This tells us that the world is far from one-size-fits-all cloud database management systems, and we can all expect to be operating in hybrid storage environments that will vary from application to application for quite some time to come. I suppose that's good news for those who make a living on the operations teams of information technology.
And along with each new database offering from Amazon also comes a different business model. In the case of DynamoDB for example, Amazon has introduced the concept of "read and write capacity units", where charges will be based on the combination of frequency of usage and physical data size. This demonstrates that the business models are still somewhat far from optimal, and will likely change again in the future. Clearly they are not yet quite right for the major vendors trying to figure it all out as business model adjustments in the Cloud are not just limited to Amazon.
In summary, following the Amazon database release timeline over the years yields some interesting information, namely that speed/latency, reduction of complexity, the likelihood of hybrid compute and storage environments for some time to come, and ever-changing cloud business models are the primary focus of cloud vendors responding to the needs of their users. And as any innovator knows, the challenges are where the opportunities are.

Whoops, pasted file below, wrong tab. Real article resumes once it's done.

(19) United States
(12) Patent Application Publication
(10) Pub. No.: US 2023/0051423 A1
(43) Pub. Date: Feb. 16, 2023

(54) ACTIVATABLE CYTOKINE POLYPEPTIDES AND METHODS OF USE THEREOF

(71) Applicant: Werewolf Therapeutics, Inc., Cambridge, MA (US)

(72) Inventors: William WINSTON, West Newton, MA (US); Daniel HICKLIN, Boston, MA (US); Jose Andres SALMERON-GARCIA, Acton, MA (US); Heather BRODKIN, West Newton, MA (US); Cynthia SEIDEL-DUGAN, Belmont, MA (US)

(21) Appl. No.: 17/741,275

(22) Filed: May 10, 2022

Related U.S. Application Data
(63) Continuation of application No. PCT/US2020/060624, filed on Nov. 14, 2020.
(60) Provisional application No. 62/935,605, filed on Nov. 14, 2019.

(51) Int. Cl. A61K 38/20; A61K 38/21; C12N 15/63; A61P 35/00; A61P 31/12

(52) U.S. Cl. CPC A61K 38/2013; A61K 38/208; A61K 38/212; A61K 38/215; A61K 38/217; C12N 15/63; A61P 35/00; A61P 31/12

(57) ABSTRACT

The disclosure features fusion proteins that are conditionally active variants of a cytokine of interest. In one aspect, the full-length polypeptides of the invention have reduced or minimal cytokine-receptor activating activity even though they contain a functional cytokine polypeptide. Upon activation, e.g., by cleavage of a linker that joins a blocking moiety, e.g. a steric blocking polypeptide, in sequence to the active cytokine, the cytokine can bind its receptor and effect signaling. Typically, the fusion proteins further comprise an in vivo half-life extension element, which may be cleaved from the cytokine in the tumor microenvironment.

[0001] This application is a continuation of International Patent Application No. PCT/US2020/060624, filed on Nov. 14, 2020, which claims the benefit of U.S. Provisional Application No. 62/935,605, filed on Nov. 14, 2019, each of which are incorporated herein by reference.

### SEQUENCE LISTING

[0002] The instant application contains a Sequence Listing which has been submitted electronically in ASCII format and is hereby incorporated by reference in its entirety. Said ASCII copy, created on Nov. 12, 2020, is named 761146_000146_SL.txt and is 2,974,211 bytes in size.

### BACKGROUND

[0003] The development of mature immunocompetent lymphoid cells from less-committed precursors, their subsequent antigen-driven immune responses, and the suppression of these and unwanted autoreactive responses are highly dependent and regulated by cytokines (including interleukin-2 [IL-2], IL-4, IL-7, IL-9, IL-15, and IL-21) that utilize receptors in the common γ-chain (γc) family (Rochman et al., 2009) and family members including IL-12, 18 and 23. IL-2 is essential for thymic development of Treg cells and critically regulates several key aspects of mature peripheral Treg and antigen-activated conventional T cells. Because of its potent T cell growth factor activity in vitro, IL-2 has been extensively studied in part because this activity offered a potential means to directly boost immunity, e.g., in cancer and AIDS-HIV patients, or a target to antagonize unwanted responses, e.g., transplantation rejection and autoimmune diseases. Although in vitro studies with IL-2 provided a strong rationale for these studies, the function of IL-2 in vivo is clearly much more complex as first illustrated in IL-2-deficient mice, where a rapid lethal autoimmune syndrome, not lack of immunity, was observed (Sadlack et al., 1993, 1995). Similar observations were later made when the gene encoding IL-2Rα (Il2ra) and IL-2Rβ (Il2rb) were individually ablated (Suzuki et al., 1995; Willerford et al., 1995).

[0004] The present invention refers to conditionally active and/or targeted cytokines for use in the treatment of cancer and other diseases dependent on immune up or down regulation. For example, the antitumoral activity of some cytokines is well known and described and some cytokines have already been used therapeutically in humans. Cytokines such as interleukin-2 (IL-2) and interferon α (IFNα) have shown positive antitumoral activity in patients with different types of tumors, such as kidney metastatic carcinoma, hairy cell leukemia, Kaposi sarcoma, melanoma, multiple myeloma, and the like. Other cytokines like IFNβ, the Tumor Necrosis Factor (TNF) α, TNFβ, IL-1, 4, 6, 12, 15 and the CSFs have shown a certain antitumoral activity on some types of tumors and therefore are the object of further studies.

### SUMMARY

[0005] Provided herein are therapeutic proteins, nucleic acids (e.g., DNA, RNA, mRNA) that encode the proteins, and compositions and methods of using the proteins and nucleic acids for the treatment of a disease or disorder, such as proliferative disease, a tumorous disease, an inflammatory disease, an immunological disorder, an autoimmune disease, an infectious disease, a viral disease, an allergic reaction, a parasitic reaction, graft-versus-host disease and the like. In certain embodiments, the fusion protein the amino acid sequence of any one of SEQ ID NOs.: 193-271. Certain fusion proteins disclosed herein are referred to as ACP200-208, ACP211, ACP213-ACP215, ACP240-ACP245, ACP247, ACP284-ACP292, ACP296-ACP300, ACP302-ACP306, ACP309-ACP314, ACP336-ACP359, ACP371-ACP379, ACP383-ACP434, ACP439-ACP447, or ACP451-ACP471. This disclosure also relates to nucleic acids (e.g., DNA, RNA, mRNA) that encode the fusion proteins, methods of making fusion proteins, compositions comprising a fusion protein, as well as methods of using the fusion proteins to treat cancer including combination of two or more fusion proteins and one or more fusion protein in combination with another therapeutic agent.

As the "Cloud" has evolved and matured from its roots the past few years, the alternatives for deploying a cloud-based solution have been almost entirely proprietary and commercial. They typically have required at least a credit card to even get started "renting" servers and storage that might be needed for only short periods of time and to achieve more flexible scalability models. With the success and momentum of OpenStack, an open source cloud operating system for deploying, hosting, and managing public and private clouds within a data center, this appears to be changing.
The OpenStack project, launched initially with code contributions from Rackspace and NASA, provides the software components for making cloud management functionality available from within any data center, including one's own, similar to what Amazon, VMWare, Microsoft and other cloud vendors are now offering commercially. Deploying OpenStack enables cloud-based applications and systems utilizing virtual capacity to be launched without the associated run-time fees the current slate of vendors require, as all of the software is freely distributable and accessible.